Wednesday, November 30, 2011

The Writing on the Walls

I went for a great walk this chilly morning.  It was 8C (46F) when I headed out the door.  But, no complaints — although my ears did get kind of cold (so, one complaint).  It's now up to 17 (63F) and sunny, and I can hear an accordion player on the plaza doing a decent job with La Cumparsita, that most famous of tangos.  Not a bad winter's day.

By the time I started off for my walk at 10:00, I had already done a load of laundry.  It's unusual for the new me to get such an active and early start on the day.  It felt good.  Tomorrow is coffee with Lola and Albert at 9:30.  OK, that's not very active and perhaps not even very early but at least I'll be out of bed while it's still  morning. And to think, pre-move, I used to get up at 6.  I'm slowly edging my way back from 10:30 and have now succeeded at regularly waking up, unaided, before 9.

While walking this morning (with Paul Simon's "Graceland" playing on my iPod), I took some shots of one particular stretch of riverfront graffiti art.  Of the ones I've shared here, I have a few (well, several) favorites but I'd love to know yours.  I can definitely live without any more vampire/zombie art (and television shows ... and movies ... and books), but I included some because it's clearly so popular as subject matter.


  1. Up at 9! How are you gonna cope with not getting enough sleep Mitch LOL!

    That Grafitti/wall art is simply amazing. Some awesome talent out there...

  2. Chris:
    I'm tough. I'll manage.

    You're right about the art. Some truly awesome talent.

  3. Those hairy legs... and just a hand with a ziggy, as if the rest of the body is hidden by the tree.

    Also the 'stabbed' pig is great, just a flesh wound while the knife is stuck in the wall higher up.

  4. Peter:
    I, too, love the stories they tell.

  5. Gosh, some amazing artwork. I'll be looking at those for quite a while! Interesting to see that the graffiti has been graffitied. The little girl intent on her drawing is sweet.

    Up at 9 is good. Up at 6 is definitely overdoing it! (Especially when you don't have to.)

  6. I liked the Keith Haringesque one third from the last.

  7. Hard to pick a favorite. I, too, am strangely drawn to the pig... but I haven't eaten yet, so maybe I'm just hungry.

    I like to get up at 6 or earlier in the summer. With the sun. These days I'm up between 7 and 7:30 and it's still dark out. But I have to get up to be ready to walk the dog at first light.

  8. I've looked at these a few times now. The one that hangs around in my head is the 'trompe l'oeil' pig with his slightly disturbing wound.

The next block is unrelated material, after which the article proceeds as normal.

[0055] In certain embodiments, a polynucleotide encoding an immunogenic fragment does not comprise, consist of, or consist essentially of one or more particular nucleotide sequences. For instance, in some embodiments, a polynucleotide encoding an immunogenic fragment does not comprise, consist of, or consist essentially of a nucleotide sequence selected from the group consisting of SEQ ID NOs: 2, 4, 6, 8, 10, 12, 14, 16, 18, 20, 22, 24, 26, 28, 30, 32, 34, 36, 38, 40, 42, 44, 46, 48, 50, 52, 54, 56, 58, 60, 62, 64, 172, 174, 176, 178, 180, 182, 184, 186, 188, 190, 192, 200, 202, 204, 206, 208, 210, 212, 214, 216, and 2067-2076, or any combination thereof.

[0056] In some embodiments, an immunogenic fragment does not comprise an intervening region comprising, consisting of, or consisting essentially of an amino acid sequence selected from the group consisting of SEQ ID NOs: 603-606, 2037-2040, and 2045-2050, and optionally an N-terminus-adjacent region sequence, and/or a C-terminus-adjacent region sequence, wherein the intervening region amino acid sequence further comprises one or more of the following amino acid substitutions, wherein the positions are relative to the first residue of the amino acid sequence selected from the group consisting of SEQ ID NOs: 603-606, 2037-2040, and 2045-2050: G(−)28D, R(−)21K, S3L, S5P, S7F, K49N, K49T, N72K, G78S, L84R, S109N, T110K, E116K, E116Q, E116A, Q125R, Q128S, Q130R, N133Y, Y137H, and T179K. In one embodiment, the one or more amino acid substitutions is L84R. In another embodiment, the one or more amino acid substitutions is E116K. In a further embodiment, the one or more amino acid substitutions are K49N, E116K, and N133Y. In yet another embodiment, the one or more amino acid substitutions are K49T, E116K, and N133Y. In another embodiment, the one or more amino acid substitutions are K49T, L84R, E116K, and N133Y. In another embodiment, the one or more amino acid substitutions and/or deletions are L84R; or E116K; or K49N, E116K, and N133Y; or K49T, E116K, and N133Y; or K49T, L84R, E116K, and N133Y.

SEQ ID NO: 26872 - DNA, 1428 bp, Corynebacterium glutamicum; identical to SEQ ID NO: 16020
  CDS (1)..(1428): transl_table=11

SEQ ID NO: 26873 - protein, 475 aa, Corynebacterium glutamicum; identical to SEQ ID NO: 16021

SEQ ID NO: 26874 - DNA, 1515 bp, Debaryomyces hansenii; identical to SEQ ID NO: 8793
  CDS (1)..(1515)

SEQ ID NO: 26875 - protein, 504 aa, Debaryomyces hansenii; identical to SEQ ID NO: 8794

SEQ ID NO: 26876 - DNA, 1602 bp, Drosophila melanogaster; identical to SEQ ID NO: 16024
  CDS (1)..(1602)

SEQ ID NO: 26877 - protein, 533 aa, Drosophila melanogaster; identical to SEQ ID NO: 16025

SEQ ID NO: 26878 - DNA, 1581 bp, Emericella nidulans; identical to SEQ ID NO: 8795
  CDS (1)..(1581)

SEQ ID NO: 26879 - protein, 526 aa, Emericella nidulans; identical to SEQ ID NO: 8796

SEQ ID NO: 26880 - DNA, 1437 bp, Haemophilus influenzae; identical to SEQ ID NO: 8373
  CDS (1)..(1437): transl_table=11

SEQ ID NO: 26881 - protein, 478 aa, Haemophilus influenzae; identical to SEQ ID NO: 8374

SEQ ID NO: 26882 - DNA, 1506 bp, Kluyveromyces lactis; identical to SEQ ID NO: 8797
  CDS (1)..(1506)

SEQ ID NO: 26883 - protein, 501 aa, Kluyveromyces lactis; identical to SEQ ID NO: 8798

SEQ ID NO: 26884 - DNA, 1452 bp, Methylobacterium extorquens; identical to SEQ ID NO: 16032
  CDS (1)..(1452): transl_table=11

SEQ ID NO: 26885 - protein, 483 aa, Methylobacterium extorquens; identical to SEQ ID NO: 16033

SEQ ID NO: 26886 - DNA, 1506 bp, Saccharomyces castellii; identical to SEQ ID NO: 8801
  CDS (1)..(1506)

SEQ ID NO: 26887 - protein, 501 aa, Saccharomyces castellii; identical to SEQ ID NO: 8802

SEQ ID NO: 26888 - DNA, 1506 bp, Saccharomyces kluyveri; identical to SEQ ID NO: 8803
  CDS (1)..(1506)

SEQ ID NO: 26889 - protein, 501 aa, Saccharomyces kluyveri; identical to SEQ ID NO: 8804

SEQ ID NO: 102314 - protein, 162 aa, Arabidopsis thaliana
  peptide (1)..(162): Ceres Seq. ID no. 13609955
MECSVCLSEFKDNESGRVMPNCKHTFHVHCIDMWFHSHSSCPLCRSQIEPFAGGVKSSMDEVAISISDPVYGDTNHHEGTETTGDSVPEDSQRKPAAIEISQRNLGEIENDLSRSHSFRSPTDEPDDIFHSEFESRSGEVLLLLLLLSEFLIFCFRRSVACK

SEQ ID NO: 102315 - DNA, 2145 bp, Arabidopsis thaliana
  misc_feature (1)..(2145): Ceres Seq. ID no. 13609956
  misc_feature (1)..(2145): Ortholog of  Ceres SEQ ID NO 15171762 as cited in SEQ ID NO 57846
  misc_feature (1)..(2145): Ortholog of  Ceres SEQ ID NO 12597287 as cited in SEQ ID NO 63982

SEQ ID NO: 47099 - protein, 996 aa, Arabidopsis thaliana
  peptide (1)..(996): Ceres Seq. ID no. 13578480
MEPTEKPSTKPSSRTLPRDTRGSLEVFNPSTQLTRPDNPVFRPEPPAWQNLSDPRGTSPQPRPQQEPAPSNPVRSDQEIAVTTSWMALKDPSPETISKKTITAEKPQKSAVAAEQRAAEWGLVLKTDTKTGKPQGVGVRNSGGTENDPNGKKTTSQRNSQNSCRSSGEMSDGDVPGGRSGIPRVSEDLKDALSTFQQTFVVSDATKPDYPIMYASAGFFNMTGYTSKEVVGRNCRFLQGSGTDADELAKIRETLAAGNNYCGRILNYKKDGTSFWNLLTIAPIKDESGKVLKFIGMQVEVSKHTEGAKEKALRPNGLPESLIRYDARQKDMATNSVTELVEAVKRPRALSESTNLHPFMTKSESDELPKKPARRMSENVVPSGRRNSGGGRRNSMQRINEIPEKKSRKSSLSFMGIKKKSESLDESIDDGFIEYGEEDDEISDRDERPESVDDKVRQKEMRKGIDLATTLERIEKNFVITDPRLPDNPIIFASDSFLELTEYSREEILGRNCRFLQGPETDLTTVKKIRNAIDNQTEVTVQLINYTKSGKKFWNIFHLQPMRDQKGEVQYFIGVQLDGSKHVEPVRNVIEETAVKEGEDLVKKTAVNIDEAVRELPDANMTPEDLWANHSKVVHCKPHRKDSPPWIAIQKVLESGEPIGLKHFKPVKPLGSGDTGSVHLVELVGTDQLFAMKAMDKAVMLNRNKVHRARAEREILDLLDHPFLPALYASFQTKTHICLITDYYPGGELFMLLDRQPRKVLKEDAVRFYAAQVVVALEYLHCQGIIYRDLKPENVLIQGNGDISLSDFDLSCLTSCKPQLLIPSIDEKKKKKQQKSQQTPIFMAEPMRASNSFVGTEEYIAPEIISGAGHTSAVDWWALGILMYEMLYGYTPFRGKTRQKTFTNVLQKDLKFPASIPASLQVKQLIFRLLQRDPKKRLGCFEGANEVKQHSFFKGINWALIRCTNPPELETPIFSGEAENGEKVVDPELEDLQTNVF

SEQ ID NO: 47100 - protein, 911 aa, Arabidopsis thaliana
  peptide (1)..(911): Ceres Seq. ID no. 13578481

I like several of the others and can appreciate the skill which has gone into painting them - and the imagination. It must be amazing to be able to paint on that scale. I often wonder whether they also paint in (compared to the size of a wall) miniature.

    The Pink Pig gets my vote.

  9. Judith:
    I find the greenish-yellow (incandescent light) cast to the little girl a bit creepy, but do love that one.

    My only problem with sleeping in is that I feel like I'm missing an important part of the day. But I do not miss 6!

  10. Will:
    The one you especially like is actually about twice that length. I love the energy.

  11. Walt the Fourth:
    Our cats used to wake me/us early (sometimes at 5). Dobie liked his fresh food first thing in the morning and Thelma just wanted attention. I prefer when the sun is up before I am.

  12. Elaine:
    As you could probably tell, since I led off with it, the pink pig was definitely a favorite for me. I love the dark humor.

    The artist who was painting the large black & white face and hand the other day, had his sketch book cradled in his arm as he worked. He was reproducing the drawing he had completed there.

  13. Can appreciate the artistry - but not necessarily the fact that they may deface buildings, privacy walls or compete with the architecture. What kind of neighborhoods are likely to have graffiti ?

  14. FDeF:
    Abandoned, empty buildings are the major victims. But, the graffiti is unfortunately everywhere. It seems that "blank canvases," such as the metal security gates that come down over doors and windows at night, are the most inviting. Interestingly, if those canvases are covered in art by their owners, they don't seem to get touched. Some streets are more prone than others but you'll quite often see someone keeping things under control by painting over any new markings. It's like the areas I've seen covered in graffiti in the US; once someone makes a mark, it becomes open season. It helps to stay one step ahead of the vandals. The walls along the riverside are becoming more art and less vandalism.

  15. The Pig just totally cracked me up! Love.


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